27
Mon, May

Metro’s Sepulveda Pass Transit – No Transparency, No Public Input

POLITICS

[This is the seventh article in a series examining whether Metro can be a trusted steward for the Sepulveda Pass Transit project.]

LA TRANSPO - The seventh of my 20 questions to Metro CEO Stephanie Wiggins asked: “Why do Metro and its contractors always develop initial design concepts before talking with impacted communities? It would always seem more effective and transparent to work closely with all potentially impacted communities before developing concepts and drawing routes for transit projects – asking the communities for their concerns and inputs before the fact, rather than their comments after the fact. Metro does not do this. They instead have contractors first develop concepts and routes, and then ask communities to comment how they feel about them.”

Stephanie’s response demonstrated Metro operates in the exact way my question said they do: “In 2017, Metro initiated the planning process for the Sepulveda Transit Corridor Project specifically with public input. As a part of the Feasibility Study, Metro brought 48 ideas to the public as thought-starters that were meant to engage the public in a conversation about how to achieve the project objective: to provide a high quality, reliable transit alternative to connect the San Fernando Valley to the Westside. From June 2018 to August 2019, Metro held 10 public meetings and gathered more than 1200 public comments that were reviewed and considered.”

This is not the right way to understand community desires and concerns. This is like an architect who designs your dream house by giving you 48 ideas before asking you what you want. This is not a transparent nor effective practice, and borders on being dishonest because it assumes Metro knows what the public wants better than the public does.

An honest and transparent project steward would meet with impacted communities first and learn what they want and don’t want. For example, developers in my Sherman Oaks community initiate early communications with local organizations to discuss future ideas. They want our opinions and concerns. This early dialog fosters success and develops relationships that help projects fulfill community expectations. Metro doesn’t think like this.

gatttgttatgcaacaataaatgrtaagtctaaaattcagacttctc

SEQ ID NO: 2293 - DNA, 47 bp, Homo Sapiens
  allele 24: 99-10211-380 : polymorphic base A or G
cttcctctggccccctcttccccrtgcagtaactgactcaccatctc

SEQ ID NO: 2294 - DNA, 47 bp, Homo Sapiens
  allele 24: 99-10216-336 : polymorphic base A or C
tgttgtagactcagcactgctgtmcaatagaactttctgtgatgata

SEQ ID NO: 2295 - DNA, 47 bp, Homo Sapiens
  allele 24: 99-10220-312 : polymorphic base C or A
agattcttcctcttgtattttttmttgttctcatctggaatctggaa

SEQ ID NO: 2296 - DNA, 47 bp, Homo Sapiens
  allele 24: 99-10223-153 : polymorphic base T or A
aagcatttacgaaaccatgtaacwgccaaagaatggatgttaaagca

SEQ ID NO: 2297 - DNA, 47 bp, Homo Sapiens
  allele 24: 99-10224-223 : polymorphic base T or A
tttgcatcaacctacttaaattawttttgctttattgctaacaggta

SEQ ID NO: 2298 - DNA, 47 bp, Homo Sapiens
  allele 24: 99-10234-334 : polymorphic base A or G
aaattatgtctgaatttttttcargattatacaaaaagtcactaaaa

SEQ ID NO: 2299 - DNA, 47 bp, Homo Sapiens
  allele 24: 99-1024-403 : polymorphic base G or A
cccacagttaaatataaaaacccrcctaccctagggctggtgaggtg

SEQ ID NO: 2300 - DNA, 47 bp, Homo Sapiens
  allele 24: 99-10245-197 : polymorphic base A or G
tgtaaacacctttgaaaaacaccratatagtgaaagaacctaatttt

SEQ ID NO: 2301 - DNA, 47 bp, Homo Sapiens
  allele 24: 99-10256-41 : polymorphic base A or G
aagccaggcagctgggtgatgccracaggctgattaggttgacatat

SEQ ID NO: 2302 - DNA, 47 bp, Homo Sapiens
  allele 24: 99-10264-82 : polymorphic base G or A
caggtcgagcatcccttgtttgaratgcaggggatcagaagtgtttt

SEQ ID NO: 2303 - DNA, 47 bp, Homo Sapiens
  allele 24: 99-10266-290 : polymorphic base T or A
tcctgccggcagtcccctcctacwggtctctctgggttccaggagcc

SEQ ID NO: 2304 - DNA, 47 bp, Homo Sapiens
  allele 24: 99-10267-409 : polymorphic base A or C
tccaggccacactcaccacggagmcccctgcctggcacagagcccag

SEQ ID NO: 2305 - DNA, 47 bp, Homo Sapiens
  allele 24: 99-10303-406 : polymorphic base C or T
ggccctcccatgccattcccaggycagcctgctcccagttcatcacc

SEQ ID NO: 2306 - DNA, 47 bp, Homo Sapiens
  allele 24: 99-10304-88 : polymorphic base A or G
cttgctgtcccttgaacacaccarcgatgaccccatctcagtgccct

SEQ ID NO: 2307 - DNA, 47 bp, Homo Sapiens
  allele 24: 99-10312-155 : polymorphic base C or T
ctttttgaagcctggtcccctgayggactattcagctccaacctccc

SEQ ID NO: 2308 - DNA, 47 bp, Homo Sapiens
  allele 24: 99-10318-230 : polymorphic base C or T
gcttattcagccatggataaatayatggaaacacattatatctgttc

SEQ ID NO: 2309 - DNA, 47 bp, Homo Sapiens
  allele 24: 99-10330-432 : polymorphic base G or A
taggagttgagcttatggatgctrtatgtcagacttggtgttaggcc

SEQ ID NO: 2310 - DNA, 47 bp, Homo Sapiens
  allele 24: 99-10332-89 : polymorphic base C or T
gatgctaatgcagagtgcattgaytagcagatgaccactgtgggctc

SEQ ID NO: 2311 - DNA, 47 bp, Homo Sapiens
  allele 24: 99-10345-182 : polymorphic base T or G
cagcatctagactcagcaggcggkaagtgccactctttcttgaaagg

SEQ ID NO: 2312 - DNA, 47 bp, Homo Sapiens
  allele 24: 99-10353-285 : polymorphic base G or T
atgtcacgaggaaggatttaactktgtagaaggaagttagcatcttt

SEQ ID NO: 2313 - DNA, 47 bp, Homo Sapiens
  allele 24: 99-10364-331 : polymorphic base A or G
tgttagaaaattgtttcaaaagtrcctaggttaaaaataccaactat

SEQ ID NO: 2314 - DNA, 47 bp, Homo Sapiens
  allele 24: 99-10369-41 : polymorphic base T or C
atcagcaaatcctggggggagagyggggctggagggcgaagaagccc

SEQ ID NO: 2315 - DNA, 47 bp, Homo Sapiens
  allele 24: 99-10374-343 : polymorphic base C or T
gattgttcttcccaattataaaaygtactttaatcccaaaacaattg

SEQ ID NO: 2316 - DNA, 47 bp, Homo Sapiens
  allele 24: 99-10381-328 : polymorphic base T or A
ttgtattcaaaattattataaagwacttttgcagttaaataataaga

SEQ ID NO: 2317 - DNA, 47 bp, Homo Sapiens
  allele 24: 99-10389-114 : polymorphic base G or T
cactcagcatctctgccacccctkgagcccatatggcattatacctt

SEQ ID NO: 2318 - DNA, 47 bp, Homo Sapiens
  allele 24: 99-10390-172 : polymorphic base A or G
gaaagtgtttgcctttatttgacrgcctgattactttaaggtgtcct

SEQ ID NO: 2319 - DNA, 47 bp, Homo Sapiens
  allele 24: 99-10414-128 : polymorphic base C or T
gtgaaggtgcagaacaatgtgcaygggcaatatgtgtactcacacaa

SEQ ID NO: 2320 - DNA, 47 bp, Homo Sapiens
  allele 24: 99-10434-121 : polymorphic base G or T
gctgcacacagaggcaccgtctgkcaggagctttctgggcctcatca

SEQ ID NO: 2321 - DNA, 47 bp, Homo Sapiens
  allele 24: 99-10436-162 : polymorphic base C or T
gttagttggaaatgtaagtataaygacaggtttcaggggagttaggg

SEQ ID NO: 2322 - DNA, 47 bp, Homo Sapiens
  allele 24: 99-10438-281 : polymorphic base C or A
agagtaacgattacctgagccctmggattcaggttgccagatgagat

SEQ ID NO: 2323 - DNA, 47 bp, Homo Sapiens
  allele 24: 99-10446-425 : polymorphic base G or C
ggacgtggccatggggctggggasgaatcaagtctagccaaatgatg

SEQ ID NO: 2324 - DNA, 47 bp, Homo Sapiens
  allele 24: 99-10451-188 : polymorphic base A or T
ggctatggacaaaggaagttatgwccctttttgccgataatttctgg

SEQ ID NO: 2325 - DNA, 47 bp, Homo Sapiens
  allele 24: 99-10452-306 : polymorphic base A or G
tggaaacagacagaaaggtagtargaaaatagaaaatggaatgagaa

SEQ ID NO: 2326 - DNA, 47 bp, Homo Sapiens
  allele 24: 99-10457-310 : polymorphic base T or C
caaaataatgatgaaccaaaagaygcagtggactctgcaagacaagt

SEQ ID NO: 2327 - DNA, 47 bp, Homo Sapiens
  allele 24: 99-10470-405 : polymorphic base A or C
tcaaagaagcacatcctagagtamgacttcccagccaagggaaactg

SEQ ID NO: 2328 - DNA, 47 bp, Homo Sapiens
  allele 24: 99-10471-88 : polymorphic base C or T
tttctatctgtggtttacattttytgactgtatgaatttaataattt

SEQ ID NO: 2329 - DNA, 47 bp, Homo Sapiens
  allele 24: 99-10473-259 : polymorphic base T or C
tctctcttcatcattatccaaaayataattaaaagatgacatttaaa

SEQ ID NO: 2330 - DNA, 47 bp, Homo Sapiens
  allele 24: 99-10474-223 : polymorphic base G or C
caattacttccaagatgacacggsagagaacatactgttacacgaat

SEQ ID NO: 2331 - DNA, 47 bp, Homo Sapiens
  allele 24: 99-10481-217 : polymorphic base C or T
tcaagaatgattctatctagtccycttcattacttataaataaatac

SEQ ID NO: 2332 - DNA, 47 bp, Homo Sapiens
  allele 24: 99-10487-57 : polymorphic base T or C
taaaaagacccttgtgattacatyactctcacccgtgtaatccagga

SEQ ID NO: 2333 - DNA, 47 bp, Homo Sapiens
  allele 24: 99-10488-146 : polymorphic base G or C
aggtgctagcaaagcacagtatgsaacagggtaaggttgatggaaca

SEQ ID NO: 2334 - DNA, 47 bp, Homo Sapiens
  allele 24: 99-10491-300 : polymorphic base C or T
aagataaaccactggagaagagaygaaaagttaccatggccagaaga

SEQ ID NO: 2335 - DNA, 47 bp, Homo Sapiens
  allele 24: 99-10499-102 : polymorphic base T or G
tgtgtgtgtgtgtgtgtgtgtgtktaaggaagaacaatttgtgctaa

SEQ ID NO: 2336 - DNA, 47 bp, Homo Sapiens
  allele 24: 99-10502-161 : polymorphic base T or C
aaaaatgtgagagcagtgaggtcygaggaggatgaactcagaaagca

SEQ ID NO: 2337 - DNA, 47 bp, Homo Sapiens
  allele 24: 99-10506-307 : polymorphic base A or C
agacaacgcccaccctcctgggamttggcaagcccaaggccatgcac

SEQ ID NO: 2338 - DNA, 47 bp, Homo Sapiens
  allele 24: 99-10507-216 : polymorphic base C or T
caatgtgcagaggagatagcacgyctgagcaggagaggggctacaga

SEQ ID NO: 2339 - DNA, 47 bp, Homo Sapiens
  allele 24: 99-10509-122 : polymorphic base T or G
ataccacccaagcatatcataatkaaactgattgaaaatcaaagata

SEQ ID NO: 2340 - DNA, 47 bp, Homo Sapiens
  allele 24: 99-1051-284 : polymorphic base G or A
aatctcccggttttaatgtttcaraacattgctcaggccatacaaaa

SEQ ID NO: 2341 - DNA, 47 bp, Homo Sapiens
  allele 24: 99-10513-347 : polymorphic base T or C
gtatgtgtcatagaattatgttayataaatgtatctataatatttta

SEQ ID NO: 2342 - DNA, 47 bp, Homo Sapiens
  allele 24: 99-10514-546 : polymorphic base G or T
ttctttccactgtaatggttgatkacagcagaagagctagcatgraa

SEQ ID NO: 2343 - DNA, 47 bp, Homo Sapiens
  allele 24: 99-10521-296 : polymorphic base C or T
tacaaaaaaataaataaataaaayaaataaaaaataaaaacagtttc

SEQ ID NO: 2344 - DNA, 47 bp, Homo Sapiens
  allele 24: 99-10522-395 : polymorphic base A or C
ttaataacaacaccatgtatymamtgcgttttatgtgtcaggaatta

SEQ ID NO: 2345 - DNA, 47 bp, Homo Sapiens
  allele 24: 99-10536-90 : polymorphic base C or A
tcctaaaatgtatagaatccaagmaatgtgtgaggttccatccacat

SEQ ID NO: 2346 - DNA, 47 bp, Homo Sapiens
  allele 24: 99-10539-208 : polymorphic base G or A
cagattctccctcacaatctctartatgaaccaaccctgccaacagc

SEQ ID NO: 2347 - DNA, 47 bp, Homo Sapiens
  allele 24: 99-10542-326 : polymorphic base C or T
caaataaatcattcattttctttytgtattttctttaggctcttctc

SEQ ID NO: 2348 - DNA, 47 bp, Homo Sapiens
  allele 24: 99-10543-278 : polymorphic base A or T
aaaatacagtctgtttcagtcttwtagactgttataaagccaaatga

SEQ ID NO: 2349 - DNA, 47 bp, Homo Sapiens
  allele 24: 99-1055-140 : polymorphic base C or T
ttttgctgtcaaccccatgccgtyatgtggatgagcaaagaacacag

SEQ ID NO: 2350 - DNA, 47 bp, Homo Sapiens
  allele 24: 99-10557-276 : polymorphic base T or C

Instead, as Stephanie’s answer states, Metro developed an initial smorgasbord of concepts, presented them publicly, and asked for comments. Metro maintained public comment and letter logs, but the logs never provided Metro’s disposition on any comments. Metro never answered questions, including none of the 80 that I submitted. The public waited until the next Metro meeting to learn if or how concepts evolved. This is not meaningful interaction.

The public wants to be involved in its community’s future. Yet Metro holds the public at arm’s length. If you call a Metro community relations representative, you are told there is no further information, you can’t talk to anyone else, and you must wait until the next public meeting. Are they kidding? Metro is a public agency using public funds, including more than $2 billion each year from Measure M sales taxes. Metro should want to respond to public comments and provide further information. They should realize that public outreach today means more than one-sided staged meetings with minimal information that I’ve heard many derogatorily call “dog and pony shows”.

If Metro was modern, honest, and transparent, their public outreach would include roll-up-your-sleeves workshops with community representatives. They would offer communities one-on-one participation with knowledgeable Metro staff. Such public involvement could result in great community-focused projects. Sadly, this hasn’t happened and the public struggles to learn barely anything about the Sepulveda Pass Transit project.

(Bob Anderson is a nuclear engineer with 50 years engineering and business development expertise in the aerospace and high-technology sectors. He is VP and Transportation Committee Chair of the Sherman Oaks Homeowners Association. Contact him at [email protected].)